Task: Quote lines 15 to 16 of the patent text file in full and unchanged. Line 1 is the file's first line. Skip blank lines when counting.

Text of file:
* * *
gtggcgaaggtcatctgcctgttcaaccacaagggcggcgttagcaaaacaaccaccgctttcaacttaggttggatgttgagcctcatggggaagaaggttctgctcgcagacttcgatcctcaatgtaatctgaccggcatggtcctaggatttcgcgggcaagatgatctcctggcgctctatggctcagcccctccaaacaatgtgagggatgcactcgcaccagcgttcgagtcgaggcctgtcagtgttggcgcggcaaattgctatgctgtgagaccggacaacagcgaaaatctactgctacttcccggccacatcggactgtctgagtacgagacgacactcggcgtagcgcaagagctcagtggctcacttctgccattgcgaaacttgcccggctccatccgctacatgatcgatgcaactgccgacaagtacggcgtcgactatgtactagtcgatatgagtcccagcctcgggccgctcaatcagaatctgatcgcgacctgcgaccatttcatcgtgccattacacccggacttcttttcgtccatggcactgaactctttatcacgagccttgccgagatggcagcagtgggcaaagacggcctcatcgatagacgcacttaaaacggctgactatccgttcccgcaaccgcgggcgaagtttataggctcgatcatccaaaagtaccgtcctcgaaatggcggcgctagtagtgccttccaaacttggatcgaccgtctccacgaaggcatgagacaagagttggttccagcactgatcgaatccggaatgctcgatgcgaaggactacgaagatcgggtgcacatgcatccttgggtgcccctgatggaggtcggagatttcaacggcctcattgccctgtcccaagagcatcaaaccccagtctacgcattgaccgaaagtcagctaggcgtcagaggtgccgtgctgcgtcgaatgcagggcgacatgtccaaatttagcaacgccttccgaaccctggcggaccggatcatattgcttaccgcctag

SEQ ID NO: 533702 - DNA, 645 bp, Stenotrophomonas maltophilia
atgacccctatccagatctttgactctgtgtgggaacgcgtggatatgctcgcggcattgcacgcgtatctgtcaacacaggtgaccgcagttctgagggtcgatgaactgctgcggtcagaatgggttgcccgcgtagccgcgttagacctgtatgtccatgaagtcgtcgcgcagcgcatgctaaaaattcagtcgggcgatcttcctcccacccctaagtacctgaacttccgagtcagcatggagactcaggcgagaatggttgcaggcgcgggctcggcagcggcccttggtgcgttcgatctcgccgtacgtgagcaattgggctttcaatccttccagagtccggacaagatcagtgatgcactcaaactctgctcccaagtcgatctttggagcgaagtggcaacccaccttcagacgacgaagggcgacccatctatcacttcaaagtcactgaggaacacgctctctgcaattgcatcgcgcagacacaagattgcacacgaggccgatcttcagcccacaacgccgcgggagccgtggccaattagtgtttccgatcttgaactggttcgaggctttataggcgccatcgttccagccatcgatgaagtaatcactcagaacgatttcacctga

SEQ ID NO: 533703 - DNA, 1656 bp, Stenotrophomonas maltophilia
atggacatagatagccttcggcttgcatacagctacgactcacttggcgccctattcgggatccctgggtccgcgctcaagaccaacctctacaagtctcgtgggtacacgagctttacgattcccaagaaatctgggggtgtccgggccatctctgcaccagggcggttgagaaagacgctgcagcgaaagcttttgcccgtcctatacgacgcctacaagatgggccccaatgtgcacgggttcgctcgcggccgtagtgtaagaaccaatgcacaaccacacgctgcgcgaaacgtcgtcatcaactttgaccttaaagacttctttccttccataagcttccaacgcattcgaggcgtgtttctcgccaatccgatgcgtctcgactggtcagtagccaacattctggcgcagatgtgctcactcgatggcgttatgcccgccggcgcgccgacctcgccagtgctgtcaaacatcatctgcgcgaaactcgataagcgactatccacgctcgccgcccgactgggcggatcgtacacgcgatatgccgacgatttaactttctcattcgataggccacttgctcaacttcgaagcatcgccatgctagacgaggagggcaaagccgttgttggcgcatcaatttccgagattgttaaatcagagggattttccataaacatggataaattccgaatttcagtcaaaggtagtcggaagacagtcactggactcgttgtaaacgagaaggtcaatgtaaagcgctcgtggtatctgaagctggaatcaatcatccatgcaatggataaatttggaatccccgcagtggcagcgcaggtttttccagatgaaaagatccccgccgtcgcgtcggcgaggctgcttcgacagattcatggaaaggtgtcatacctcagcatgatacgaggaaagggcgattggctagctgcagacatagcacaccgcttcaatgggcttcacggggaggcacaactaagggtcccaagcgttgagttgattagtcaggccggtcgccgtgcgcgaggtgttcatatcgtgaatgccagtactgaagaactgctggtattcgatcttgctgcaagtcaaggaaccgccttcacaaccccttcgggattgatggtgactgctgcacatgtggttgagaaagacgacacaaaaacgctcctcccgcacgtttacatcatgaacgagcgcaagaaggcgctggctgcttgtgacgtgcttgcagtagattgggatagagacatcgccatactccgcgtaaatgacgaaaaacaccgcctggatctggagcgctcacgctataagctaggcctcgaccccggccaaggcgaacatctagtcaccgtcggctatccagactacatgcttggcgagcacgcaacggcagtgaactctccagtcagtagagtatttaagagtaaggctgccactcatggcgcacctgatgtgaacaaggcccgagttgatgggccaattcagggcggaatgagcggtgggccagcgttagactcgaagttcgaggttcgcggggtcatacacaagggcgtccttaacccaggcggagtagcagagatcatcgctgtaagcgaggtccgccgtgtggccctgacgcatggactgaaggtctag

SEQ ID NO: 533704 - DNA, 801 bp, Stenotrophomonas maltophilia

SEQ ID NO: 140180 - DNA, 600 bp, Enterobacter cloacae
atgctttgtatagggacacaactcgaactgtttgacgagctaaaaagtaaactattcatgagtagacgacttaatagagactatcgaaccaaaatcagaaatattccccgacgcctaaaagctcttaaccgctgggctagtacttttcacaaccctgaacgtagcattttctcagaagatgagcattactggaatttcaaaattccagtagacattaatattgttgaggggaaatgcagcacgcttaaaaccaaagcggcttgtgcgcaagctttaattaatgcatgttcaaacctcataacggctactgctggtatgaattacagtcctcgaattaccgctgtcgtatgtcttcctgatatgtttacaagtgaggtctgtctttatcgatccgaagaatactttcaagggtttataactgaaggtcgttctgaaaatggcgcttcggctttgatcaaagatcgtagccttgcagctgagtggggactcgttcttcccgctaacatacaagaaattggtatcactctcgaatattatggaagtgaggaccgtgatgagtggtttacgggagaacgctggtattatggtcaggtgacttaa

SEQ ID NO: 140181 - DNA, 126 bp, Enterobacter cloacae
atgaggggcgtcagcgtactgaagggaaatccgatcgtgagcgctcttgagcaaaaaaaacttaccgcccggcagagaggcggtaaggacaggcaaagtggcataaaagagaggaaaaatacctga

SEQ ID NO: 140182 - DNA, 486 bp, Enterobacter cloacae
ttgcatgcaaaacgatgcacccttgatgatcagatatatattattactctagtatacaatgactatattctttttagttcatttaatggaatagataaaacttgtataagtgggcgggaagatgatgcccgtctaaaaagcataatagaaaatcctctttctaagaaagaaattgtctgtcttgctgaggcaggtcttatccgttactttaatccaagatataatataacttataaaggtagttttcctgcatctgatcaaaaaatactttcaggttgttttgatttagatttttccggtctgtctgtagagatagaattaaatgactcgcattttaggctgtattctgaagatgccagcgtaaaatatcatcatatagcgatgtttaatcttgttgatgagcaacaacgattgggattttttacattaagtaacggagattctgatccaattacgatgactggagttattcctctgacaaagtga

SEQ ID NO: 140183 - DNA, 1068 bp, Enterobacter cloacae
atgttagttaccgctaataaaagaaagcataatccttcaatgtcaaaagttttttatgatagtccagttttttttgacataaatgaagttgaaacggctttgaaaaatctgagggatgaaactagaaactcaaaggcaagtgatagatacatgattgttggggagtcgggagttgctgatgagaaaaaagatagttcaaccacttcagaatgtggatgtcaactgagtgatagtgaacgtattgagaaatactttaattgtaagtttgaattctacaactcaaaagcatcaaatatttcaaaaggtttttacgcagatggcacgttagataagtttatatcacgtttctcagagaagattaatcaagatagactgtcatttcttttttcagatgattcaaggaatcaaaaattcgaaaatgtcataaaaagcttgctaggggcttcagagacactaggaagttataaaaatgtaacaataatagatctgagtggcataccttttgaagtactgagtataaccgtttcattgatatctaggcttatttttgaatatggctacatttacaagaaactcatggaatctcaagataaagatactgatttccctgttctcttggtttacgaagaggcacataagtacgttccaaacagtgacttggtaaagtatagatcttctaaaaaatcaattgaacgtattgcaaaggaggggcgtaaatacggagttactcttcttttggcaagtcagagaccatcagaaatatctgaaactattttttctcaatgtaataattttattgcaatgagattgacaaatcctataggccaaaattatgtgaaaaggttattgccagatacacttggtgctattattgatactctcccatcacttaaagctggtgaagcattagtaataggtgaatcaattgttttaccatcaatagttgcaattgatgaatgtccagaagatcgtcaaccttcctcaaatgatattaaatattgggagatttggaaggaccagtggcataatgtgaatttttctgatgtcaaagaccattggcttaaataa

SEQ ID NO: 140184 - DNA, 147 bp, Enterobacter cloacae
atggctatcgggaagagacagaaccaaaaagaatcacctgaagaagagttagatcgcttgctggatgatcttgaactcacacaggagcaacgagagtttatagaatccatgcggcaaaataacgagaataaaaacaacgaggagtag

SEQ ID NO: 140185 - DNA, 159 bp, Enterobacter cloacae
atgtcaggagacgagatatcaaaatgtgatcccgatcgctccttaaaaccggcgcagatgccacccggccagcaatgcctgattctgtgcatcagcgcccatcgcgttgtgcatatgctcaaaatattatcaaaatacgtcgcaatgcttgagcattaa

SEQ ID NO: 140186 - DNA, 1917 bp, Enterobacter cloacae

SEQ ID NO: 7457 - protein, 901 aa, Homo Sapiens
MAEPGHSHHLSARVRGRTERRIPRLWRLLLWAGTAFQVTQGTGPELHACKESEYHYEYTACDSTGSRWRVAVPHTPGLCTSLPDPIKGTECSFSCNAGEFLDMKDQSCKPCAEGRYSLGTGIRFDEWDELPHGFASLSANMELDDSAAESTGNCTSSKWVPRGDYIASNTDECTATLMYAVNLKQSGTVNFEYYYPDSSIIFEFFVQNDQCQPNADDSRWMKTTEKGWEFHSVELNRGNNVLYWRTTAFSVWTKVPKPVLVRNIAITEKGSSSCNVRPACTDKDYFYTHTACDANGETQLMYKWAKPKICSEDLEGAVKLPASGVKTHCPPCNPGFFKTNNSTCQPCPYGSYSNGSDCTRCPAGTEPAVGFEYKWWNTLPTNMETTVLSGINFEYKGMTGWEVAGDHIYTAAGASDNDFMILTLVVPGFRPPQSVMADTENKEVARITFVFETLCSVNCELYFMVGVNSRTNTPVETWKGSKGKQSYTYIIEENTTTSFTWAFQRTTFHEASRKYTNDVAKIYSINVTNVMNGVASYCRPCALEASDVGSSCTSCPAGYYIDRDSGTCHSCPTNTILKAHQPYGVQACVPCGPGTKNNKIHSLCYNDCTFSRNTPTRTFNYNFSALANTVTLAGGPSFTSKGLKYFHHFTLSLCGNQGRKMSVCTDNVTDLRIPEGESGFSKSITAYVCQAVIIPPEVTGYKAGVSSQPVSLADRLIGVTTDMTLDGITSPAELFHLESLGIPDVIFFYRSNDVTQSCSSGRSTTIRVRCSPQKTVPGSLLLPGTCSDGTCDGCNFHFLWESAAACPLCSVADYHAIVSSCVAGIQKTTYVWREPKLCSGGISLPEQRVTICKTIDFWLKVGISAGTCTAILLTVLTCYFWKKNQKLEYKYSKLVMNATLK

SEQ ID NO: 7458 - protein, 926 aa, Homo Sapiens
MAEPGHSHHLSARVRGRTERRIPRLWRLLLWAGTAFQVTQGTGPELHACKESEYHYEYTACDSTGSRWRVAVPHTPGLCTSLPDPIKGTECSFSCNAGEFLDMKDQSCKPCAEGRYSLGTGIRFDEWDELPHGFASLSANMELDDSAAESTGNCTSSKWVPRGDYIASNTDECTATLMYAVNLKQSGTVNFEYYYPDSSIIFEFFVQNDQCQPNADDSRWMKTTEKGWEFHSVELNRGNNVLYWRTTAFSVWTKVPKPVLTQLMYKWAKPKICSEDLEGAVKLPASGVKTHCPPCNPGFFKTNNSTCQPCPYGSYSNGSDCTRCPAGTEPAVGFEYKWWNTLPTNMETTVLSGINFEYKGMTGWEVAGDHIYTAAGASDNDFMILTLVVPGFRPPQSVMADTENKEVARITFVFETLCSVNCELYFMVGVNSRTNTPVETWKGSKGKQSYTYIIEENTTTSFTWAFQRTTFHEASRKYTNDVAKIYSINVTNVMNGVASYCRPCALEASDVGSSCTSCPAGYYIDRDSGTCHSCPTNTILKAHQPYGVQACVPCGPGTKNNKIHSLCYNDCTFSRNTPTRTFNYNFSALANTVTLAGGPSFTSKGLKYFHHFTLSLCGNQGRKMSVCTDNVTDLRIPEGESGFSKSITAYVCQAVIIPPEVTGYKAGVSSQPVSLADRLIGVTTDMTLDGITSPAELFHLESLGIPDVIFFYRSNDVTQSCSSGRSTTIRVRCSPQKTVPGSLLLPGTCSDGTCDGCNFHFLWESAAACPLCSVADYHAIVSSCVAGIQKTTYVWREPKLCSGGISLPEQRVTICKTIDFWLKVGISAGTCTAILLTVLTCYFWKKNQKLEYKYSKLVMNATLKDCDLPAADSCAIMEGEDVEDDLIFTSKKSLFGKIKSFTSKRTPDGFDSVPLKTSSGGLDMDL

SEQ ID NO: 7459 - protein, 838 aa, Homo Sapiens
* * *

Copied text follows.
SEQ ID NO: 140184 - DNA, 147 bp, Enterobacter cloacae
atggctatcgggaagagacagaaccaaaaagaatcacctgaagaagagttagatcgcttgctggatgatcttgaactcacacaggagcaacgagagtttatagaatccatgcggcaaaataacgagaataaaaacaacgaggagtag